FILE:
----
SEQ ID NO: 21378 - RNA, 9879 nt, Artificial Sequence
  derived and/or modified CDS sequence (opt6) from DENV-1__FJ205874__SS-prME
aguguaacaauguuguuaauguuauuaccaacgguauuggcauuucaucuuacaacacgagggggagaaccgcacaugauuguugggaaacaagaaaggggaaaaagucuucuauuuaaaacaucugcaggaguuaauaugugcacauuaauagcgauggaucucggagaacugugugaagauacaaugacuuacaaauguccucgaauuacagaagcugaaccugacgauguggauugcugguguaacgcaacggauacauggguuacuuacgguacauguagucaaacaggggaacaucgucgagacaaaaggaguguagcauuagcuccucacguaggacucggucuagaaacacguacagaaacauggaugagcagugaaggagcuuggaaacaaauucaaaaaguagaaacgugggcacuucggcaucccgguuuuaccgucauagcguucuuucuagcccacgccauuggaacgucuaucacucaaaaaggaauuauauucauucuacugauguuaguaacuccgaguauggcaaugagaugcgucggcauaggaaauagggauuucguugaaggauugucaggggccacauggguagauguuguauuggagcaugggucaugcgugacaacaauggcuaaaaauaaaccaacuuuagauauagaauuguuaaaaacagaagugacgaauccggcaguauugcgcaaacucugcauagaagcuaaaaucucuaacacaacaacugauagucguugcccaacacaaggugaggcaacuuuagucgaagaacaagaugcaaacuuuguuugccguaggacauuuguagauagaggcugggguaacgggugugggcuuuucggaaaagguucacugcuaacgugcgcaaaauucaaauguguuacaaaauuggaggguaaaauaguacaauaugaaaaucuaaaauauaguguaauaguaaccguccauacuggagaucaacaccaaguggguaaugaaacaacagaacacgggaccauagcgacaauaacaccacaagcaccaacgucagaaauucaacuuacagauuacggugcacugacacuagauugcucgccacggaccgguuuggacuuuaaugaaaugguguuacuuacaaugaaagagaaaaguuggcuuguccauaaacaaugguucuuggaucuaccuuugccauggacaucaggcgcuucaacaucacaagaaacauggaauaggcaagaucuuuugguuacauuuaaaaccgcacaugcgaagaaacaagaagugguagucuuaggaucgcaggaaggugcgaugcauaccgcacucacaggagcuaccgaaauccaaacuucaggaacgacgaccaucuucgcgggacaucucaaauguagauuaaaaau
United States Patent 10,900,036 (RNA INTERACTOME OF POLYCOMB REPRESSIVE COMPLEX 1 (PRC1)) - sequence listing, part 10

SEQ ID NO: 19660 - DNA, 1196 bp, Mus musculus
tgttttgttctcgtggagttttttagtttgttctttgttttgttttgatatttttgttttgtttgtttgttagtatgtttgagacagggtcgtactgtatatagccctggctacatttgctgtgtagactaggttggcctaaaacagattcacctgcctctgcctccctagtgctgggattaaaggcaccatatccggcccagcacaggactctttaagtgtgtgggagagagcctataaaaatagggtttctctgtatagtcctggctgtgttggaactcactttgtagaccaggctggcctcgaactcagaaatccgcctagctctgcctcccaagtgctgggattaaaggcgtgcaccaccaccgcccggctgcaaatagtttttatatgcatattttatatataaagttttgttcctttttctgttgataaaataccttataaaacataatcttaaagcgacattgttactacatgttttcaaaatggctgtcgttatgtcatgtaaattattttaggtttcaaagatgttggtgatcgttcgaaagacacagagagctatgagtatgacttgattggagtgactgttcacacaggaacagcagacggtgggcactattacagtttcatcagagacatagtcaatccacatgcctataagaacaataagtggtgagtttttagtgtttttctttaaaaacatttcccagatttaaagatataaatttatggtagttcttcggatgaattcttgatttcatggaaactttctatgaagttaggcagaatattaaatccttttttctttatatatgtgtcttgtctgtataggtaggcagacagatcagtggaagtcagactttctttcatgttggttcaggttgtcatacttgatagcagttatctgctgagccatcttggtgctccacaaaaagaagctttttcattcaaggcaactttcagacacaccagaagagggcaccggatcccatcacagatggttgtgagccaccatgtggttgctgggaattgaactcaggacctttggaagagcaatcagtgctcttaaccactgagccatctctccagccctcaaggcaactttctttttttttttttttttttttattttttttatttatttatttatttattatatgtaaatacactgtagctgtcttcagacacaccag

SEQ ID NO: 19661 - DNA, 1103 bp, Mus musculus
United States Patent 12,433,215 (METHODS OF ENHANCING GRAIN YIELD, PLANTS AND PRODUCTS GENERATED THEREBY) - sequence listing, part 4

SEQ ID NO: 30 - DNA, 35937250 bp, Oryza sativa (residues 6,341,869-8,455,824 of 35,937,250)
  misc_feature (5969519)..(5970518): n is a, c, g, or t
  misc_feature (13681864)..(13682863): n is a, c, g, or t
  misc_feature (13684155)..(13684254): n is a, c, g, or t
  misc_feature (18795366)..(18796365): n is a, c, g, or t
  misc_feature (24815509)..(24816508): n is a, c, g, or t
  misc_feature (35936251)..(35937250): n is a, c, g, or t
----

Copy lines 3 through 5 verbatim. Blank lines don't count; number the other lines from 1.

aguguaacaauguuguuaauguuauuaccaacgguauuggcauuucaucuuacaacacgagggggagaaccgcacaugauuguugggaaacaagaaaggggaaaaagucuucuauuuaaaacaucugcaggaguuaauaugugcacauuaauagcgauggaucucggagaacugugugaagauacaaugacuuacaaauguccucgaauuacagaagcugaaccugacgauguggauugcugguguaacgcaacggauacauggguuacuuacgguacauguagucaaacaggggaacaucgucgagacaaaaggaguguagcauuagcuccucacguaggacucggucuagaaacacguacagaaacauggaugagcagugaaggagcuuggaaacaaauucaaaaaguagaaacgugggcacuucggcaucccgguuuuaccgucauagcguucuuucuagcccacgccauuggaacgucuaucacucaaaaaggaauuauauucauucuacugauguuaguaacuccgaguauggcaaugagaugcgucggcauaggaaauagggauuucguugaaggauugucaggggccacauggguagauguuguauuggagcaugggucaugcgugacaacaauggcuaaaaauaaaccaacuuuagauauagaauuguuaaaaacagaagugacgaauccggcaguauugcgcaaacucugcauagaagcuaaaaucucuaacacaacaacugauagucguugcccaacacaaggugaggcaacuuuagucgaagaacaagaugcaaacuuuguuugccguaggacauuuguagauagaggcugggguaacgggugugggcuuuucggaaaagguucacugcuaacgugcgcaaaauucaaauguguuacaaaauuggaggguaaaauaguacaauaugaaaaucuaaaauauaguguaauaguaaccguccauacuggagaucaacaccaaguggguaaugaaacaacagaacacgggaccauagcgacaauaacaccacaagcaccaacgucagaaauucaacuuacagauuacggugcacugacacuagauugcucgccacggaccgguuuggacuuuaaugaaaugguguuacuuacaaugaaagagaaaaguuggcuuguccauaaacaaugguucuuggaucuaccuuugccauggacaucaggcgcuucaacaucacaagaaacauggaauaggcaagaucuuuugguuacauuuaaaaccgcacaugcgaagaaacaagaagugguagucuuaggaucgcaggaaggugcgaugcauaccgcacucacaggagcuaccgaaauccaaacuucaggaacgacgaccaucuucgcgggacaucucaaauguagauuaaaaau
United States Patent 10,900,036 (RNA INTERACTOME OF POLYCOMB REPRESSIVE COMPLEX 1 (PRC1)) - sequence listing, part 10

SEQ ID NO: 19660 - DNA, 1196 bp, Mus musculus